However, ${X}_{F}$ is not of full rank (and hence $\mathcal{M}$ is overparameterized) because the sum of the first two columns is a vector of ones as is the sum of the last three columns.
In order to alleviate this we might try constructing ${X}_{C}$ where the dummy variables have been replaced by contrasts. Assuming treatment contrasts, relative to the first level, we would have
However, using ${X}_{C}$ makes an implicit assumption that the expected value of the dependent variable (the quantity being modelled) is zero when ${V}_{1}=1$ and ${V}_{2}=1$. This assumption was not made when we used ${X}_{F}$ and hence the two design matrices are not equivalent. One solution would be to use dummy variables for ${V}_{1}$ and contrasts for ${V}_{2}$, which would result in a design matrix, $X$ of
Using $X$ would give an equivalent model to using ${X}_{F}$.
The algorithm used by g22ycf to decide which variables, in which terms, can be coded as contrasts and which need to be coded as dummy variables is described below.
Suppose ${V}_{j}$ is any variable that appears in term ${T}_{i}$, let ${T}_{i\left(j\right)}$ denote the term obtained by dropping ${V}_{j}$ from ${T}_{i}$. For example, if ${T}_{3}={V}_{1}.{V}_{2}.{V}_{3}$, ${T}_{3\left(2\right)}={V}_{1}.{V}_{3}$. In this context, the empty term is taken to be the mean effect (or intercept term). We say that ${T}_{i\left(j\right)}$ appears in $\mathcal{M}$ if there exists a term ${T}_{k}$, $k<i$, that contains all of the variables appearing in ${T}_{i\left(j\right)}$. In most cases ${T}_{k}={T}_{i\left(j\right)}$, but this is not required. Note, as stated earlier, the terms in $\mathcal{M}$ are ordered by the number of variables in them.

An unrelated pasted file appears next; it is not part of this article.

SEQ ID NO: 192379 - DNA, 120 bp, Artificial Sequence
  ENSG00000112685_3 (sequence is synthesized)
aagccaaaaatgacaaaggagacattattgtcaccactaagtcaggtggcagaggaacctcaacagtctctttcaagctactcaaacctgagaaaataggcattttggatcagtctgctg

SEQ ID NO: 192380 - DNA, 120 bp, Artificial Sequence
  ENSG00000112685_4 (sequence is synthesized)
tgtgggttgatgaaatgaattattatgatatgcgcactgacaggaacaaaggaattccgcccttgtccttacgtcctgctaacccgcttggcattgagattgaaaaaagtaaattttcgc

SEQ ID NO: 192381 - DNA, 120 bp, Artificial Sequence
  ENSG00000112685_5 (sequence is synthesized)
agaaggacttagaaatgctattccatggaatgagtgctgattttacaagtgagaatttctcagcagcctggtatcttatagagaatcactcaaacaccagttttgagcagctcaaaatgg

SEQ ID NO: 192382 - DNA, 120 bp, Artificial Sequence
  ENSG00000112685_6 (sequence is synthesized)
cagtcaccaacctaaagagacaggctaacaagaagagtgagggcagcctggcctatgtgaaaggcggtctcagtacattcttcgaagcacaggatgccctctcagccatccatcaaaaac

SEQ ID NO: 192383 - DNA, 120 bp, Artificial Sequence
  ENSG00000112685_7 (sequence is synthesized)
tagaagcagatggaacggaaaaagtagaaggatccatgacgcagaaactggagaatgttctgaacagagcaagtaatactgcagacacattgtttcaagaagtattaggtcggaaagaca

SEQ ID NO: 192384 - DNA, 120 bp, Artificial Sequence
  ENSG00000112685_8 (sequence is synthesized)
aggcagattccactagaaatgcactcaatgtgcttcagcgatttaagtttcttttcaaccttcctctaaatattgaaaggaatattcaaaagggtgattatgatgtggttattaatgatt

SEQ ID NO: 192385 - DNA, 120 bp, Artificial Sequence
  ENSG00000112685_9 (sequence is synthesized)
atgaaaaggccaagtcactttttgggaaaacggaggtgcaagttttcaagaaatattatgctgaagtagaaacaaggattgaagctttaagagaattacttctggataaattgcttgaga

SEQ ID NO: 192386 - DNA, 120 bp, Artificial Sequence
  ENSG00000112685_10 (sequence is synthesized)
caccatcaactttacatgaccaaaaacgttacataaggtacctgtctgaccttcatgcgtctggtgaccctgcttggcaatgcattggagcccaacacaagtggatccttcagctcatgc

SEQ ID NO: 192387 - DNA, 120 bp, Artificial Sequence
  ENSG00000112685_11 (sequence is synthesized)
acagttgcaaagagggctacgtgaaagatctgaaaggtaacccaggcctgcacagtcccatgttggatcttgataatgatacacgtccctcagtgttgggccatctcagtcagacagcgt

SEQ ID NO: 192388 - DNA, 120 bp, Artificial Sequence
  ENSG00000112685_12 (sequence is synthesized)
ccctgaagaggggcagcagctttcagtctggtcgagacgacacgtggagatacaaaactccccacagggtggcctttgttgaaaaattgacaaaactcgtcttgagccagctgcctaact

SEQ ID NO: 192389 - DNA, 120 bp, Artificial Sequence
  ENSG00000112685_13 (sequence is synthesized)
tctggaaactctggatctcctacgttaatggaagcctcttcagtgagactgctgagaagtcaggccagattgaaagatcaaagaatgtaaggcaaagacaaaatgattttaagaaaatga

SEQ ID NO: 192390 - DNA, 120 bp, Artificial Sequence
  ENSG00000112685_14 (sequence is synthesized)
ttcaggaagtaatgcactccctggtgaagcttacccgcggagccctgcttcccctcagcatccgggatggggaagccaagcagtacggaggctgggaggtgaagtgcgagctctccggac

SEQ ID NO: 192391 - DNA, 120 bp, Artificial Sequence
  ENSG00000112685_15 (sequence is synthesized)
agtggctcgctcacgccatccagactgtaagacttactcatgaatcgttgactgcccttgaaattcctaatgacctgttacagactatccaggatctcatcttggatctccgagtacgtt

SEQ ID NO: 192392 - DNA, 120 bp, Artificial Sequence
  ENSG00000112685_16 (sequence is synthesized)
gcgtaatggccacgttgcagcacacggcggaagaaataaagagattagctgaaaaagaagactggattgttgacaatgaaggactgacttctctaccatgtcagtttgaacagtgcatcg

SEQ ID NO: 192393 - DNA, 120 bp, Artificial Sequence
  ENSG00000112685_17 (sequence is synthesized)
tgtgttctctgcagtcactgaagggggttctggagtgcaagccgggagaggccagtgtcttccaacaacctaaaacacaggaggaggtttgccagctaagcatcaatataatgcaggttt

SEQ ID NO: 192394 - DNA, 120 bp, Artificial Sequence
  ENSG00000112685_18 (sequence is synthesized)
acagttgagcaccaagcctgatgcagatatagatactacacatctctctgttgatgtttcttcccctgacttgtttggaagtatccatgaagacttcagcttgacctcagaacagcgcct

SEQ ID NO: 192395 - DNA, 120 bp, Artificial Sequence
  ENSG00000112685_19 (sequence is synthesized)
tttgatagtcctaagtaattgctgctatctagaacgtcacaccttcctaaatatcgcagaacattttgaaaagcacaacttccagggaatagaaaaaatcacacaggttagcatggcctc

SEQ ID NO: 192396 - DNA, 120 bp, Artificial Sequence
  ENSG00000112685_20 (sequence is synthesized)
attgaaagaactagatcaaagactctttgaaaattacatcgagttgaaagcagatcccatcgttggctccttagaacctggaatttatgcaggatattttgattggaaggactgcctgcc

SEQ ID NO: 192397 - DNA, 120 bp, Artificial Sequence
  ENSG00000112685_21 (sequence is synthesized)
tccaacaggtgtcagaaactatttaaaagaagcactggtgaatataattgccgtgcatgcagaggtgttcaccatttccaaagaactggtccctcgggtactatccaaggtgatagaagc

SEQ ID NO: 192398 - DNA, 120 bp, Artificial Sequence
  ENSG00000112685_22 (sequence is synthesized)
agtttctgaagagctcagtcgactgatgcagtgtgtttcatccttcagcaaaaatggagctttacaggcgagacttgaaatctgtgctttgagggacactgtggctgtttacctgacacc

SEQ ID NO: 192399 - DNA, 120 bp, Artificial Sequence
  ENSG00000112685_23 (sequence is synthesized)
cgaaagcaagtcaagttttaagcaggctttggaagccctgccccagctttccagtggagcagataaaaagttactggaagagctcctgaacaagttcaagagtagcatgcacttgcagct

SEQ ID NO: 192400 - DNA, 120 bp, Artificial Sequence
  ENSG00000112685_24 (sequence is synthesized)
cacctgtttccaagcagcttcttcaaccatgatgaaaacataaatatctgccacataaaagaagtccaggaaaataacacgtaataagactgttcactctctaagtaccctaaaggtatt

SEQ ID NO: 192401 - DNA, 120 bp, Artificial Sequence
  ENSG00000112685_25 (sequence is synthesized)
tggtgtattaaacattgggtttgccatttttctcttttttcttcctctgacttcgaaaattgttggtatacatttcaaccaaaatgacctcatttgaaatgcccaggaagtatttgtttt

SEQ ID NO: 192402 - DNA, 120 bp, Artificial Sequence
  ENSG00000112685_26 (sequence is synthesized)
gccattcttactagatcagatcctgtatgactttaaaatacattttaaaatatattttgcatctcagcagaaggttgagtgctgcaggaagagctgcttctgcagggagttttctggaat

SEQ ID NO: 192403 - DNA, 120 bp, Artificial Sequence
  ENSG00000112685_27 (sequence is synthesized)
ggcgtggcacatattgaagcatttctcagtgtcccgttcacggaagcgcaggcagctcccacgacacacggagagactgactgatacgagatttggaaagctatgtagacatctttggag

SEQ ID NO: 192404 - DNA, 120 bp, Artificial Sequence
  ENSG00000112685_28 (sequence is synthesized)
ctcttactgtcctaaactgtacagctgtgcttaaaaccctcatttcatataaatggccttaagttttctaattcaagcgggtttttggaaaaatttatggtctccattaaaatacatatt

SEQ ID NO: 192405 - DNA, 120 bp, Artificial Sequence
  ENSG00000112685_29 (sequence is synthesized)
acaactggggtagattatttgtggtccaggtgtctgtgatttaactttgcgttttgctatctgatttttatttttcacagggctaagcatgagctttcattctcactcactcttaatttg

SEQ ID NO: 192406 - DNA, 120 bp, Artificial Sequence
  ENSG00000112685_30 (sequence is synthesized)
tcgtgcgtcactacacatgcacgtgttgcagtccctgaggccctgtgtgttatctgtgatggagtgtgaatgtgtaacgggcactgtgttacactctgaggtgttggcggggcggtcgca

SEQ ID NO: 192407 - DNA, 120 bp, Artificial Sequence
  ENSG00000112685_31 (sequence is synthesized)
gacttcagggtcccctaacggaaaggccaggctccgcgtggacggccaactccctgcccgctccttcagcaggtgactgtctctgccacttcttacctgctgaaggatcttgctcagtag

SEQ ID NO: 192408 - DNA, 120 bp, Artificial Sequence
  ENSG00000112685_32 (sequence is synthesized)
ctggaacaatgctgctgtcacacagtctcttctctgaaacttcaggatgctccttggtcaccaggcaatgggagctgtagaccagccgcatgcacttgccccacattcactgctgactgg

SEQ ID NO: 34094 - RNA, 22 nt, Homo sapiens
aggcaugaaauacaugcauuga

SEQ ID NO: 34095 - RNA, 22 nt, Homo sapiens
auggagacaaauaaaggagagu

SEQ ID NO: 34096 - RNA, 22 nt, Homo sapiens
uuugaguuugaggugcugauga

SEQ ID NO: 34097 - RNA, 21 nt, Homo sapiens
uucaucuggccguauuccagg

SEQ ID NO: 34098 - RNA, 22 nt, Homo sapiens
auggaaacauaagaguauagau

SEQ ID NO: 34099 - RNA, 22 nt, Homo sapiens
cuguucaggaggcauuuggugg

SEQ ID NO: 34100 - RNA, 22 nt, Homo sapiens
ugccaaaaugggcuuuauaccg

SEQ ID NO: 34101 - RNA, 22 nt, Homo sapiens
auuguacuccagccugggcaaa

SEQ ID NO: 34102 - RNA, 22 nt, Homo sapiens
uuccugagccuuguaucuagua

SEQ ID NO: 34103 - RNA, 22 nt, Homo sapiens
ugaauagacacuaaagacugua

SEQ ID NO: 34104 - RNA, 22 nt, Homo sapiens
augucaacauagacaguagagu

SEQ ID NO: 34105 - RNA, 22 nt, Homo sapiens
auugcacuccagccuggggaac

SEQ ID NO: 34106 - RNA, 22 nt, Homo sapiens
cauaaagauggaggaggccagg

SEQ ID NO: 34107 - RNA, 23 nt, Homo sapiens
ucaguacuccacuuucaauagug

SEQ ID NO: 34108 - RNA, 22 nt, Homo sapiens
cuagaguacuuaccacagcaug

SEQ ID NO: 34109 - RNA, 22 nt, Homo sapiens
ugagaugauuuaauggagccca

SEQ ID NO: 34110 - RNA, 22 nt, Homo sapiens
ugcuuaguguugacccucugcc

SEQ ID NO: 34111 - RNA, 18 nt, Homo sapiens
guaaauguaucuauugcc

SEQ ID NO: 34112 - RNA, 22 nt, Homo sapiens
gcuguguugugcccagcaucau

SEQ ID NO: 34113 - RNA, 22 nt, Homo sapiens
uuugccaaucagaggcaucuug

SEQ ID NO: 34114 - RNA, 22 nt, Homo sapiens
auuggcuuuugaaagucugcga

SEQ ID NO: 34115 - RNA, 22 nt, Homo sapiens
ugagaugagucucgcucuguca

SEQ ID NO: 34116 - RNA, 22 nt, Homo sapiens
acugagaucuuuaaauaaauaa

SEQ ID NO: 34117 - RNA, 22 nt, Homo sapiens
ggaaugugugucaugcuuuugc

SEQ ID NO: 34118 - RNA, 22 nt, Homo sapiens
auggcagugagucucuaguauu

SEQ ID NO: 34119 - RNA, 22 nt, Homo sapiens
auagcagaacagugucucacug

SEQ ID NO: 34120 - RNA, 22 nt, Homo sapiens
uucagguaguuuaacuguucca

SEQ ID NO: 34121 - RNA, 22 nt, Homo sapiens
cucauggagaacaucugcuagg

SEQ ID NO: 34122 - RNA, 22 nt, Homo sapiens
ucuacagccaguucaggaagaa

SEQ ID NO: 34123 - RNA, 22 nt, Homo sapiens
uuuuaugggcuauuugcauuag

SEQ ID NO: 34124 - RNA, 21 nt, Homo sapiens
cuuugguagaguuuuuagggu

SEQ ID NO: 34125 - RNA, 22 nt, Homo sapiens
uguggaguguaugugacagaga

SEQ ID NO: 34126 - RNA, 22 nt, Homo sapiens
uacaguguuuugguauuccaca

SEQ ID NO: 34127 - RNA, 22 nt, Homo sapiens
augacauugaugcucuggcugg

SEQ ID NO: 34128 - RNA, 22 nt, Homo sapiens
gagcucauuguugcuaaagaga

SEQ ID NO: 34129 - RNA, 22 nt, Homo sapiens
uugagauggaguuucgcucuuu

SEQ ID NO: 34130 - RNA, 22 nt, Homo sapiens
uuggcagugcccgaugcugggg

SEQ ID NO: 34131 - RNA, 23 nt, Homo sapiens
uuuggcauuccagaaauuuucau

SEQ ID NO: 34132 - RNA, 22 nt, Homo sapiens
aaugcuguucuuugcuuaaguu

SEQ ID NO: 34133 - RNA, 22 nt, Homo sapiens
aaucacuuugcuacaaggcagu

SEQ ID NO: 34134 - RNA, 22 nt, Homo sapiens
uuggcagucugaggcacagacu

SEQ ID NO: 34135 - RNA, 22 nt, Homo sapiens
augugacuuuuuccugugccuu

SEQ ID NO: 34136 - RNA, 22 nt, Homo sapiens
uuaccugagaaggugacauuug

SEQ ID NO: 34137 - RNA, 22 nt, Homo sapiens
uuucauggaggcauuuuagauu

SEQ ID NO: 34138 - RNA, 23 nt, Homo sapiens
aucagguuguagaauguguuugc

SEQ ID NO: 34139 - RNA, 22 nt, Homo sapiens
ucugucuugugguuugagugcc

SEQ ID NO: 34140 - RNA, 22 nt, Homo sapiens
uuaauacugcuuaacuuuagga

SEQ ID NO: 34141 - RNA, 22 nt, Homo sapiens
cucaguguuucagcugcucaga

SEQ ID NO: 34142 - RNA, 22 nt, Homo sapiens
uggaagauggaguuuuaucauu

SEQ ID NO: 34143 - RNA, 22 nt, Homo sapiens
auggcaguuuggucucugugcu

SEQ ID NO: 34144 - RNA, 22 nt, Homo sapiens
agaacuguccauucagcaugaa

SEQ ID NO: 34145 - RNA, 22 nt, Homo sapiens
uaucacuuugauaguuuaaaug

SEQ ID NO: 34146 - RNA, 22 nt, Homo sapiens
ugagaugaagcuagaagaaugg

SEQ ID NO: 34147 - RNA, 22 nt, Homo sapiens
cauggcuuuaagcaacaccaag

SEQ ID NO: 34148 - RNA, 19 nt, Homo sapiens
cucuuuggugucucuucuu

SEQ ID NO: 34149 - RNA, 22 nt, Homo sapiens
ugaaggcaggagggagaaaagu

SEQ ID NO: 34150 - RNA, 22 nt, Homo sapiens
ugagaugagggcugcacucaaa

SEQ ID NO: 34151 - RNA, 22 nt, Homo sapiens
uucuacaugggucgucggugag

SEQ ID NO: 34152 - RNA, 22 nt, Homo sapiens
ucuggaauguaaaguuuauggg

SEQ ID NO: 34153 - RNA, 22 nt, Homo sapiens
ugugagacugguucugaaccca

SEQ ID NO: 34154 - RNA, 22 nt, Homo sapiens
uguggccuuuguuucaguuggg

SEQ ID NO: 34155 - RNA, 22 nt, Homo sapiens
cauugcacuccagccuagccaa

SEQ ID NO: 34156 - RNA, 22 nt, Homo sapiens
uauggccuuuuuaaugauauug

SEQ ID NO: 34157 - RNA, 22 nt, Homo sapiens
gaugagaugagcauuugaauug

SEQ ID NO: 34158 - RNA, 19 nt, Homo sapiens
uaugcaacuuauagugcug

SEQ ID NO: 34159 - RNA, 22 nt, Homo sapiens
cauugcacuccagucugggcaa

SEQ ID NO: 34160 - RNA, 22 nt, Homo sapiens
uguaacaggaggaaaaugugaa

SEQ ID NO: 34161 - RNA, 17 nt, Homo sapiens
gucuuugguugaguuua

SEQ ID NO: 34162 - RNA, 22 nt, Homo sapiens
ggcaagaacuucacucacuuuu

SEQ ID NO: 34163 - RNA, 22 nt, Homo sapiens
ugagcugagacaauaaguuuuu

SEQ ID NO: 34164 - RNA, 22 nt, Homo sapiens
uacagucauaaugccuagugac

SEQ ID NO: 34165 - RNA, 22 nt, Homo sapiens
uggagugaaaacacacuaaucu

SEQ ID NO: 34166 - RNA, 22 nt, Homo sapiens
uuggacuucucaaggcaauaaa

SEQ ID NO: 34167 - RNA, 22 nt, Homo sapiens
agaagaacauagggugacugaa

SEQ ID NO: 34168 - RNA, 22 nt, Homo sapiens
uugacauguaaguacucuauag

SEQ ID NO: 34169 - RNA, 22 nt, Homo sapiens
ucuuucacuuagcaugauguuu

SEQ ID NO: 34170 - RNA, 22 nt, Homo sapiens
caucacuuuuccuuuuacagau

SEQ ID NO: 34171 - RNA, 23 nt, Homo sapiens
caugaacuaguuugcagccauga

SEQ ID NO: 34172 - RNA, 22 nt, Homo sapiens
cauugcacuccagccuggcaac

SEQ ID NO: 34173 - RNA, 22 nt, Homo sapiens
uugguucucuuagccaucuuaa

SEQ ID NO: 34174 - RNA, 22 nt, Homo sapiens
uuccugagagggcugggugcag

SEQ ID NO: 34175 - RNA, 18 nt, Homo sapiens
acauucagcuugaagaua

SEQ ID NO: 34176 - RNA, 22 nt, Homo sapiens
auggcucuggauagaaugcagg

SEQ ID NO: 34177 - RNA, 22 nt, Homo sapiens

A variable, ${V}_{j}$ in term ${T}_{i}$ is coded by contrasts if ${T}_{i\left(j\right)}$ appears in $\mathcal{M}$ and by dummy variables otherwise. It is, therefore, possible for variable ${V}_{j}$ to be coded by contrasts in some terms and dummy variables in others within the same $X$.
The above rule assumes the presence of a mean effect. If no such effect is present in the model, the main effect of the first categorical variable is coded by dummy variables to compensate. If no main effects appear in the model, the warning ${\mathbf{ifail}}={\mathbf{14}}$ is returned.
A longer description and informal proof that the resulting $X$ is a suitable design matrix for the model of interest can be found in chapter two of Chambers and Hastie (1992).
3.5Mean Effect
The mean effect (or intercept term) is included in a design matrix by adding a column of ones as the first column of $X$. However, many model fitting routines in the NAG Library handle the mean effect as a special case and do not require it to be explicitly added to the design matrix. Therefore, by default, g22ycf does not explicitly add the mean effect to the design matrix. This behaviour can be changed via the optional parameter Explicit Mean in g22yaf.
4References
Chambers J M and Hastie T J (1992) Statistical Models in S Wadsworth and Brooks/Cole Computer Science Series
5Arguments
1: $\mathbf{hform}$ – Type (c_ptr)Input
On entry: a G22 handle to the internal data structure containing a description of the model $\mathcal{M}$ as returned in hform by g22yaf.
2: $\mathbf{hddesc}$ – Type (c_ptr)Input
On entry: a G22 handle to the internal data structure containing a description of the data matrix, $D$ as returned in hddesc by g22ybf.
3: $\mathbf{dat}({\mathbf{lddat}},{\mathbf{sddat}})$ – Real (Kind=nag_wp) arrayInput
On entry: the data matrix, $D$. By default
${D}_{ij}$, the $\mathit{i}$th value for the $\mathit{j}$th variable, for $\mathit{i}=1,2,\dots ,n$ and $\mathit{j}=1,2,\dots ,{m}_{d}$, should be supplied in ${\mathbf{dat}}(i,j)$.